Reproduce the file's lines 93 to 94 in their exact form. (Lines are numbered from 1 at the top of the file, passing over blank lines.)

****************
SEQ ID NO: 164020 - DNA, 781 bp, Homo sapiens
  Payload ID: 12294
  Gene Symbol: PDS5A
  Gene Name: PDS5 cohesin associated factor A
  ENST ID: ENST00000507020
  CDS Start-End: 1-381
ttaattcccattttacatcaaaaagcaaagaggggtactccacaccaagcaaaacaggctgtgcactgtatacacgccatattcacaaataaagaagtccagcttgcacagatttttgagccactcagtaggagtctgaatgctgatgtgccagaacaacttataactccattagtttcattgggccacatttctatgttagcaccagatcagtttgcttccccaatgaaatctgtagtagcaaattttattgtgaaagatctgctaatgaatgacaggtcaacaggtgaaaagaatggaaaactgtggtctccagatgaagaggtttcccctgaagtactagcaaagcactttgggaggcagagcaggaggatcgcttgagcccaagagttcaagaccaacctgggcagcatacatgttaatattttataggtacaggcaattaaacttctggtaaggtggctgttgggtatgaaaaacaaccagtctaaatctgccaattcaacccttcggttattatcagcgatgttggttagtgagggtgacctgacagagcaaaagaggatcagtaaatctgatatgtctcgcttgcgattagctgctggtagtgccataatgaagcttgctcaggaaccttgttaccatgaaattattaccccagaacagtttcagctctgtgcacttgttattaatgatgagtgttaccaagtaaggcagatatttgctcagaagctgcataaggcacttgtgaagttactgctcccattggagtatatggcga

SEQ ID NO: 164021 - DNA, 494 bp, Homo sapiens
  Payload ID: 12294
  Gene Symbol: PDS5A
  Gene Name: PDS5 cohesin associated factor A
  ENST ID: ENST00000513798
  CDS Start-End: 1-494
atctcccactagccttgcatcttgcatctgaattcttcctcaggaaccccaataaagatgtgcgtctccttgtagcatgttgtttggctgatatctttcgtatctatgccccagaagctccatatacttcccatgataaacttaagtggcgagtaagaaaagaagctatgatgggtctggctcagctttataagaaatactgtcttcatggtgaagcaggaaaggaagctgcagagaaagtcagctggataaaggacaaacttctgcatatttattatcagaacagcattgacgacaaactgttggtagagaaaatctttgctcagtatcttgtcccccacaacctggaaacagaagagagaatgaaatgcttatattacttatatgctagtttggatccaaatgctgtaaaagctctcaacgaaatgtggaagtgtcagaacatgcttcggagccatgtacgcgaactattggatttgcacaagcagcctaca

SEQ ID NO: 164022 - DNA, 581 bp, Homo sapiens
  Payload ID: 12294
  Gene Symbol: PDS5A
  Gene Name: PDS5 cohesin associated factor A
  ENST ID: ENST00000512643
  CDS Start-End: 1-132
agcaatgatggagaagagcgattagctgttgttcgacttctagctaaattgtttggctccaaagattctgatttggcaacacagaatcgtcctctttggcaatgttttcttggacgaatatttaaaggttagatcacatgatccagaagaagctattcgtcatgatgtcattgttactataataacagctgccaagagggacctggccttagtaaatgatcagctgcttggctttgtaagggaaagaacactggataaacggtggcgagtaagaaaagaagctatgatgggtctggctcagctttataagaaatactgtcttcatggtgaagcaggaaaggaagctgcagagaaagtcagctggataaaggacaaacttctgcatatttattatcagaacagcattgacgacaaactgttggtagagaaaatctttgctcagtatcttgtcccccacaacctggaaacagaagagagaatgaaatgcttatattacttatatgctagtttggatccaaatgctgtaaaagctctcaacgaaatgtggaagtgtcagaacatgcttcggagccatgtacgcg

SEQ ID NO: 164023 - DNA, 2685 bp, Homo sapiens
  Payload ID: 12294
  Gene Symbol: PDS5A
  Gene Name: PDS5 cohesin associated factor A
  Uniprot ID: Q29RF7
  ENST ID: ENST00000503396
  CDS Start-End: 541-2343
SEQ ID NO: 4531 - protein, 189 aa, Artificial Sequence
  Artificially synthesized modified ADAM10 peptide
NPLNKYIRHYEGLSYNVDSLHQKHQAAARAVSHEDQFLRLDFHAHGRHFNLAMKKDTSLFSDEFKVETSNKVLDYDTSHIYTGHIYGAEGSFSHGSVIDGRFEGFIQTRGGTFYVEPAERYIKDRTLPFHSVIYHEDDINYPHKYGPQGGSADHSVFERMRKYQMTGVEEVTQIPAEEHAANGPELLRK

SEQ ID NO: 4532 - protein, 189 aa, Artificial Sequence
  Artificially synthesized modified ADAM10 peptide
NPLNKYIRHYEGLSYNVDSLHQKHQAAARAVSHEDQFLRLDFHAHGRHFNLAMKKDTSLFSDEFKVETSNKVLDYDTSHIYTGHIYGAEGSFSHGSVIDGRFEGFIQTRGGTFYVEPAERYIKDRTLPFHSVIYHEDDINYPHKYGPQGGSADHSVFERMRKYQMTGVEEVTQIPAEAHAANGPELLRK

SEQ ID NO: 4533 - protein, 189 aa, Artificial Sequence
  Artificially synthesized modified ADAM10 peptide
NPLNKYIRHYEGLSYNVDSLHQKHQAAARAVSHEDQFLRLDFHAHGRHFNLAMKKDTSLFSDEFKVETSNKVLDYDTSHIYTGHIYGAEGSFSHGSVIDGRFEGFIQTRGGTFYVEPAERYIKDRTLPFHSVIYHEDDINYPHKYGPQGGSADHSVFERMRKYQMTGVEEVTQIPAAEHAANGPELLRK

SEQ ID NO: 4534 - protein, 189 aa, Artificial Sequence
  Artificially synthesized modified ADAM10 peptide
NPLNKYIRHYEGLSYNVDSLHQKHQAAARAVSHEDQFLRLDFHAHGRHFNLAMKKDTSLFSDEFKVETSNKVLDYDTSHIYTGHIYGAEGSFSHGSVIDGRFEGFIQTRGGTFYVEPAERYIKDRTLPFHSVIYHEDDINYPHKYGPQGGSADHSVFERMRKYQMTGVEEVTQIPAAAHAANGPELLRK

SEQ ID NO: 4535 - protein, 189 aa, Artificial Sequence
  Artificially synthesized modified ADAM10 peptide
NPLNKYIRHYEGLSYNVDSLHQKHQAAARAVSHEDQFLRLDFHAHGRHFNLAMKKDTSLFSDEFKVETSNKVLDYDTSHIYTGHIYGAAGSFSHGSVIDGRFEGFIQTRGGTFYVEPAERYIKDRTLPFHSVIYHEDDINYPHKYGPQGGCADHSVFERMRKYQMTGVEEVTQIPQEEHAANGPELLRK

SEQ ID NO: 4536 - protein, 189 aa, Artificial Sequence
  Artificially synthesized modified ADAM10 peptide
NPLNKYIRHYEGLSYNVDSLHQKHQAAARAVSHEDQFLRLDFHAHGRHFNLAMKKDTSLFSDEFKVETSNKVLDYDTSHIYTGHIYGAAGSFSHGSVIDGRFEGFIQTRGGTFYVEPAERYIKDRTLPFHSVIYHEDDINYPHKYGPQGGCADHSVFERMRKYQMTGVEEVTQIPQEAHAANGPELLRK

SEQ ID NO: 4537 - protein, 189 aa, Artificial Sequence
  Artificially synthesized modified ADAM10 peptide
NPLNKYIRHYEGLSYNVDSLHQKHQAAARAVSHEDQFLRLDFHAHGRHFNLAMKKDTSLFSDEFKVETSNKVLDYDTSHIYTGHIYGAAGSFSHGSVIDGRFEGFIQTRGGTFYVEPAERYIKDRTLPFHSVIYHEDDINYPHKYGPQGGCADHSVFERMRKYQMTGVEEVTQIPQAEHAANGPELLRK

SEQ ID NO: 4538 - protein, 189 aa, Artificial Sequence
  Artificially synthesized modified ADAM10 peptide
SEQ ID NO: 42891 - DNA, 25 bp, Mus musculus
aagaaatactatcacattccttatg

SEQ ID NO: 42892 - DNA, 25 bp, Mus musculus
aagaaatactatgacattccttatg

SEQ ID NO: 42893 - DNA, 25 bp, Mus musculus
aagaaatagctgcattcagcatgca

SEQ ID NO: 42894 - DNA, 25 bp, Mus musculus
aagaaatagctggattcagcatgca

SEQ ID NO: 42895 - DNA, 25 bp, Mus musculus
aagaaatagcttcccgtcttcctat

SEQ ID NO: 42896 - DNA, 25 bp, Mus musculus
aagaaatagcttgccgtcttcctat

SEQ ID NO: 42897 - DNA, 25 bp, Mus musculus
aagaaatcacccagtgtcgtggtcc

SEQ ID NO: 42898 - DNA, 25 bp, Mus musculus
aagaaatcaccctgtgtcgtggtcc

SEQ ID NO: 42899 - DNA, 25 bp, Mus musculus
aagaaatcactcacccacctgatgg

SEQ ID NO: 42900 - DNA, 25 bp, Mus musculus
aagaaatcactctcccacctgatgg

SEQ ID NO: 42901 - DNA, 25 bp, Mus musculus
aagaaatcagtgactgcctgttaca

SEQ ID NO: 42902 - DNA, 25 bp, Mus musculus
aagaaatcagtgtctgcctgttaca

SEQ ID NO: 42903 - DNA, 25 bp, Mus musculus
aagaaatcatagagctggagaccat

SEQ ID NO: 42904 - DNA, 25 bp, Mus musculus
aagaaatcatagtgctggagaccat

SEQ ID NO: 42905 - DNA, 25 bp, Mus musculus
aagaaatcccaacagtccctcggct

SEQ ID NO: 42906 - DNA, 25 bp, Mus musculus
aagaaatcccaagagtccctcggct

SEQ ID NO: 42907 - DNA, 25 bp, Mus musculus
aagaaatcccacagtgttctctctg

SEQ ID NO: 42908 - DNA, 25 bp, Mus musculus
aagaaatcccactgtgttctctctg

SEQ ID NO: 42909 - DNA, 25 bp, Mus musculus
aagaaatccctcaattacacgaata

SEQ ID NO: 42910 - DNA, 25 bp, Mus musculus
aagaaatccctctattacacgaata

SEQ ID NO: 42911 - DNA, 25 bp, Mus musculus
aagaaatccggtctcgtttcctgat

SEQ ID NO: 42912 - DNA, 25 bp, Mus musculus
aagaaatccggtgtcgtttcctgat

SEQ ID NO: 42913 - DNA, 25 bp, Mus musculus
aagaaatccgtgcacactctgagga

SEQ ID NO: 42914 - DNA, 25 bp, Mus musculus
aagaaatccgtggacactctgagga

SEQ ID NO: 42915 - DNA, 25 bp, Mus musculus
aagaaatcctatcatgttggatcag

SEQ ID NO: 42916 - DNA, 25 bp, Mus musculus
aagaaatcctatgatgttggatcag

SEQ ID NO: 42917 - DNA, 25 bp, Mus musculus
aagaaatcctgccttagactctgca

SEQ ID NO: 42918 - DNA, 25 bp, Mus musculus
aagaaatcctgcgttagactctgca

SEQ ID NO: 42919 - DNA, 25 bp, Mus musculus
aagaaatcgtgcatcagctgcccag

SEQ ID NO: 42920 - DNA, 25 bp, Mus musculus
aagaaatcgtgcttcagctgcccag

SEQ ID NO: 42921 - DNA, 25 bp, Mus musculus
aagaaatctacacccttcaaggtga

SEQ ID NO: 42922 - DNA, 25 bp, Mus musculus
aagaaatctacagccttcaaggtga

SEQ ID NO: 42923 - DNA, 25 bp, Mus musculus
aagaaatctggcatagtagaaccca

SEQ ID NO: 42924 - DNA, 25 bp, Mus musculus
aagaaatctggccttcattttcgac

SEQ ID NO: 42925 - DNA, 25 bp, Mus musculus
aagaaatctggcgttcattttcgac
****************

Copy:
aagaaatccggtctcgtttcctgat

SEQ ID NO: 42912 - DNA, 25 bp, Mus musculus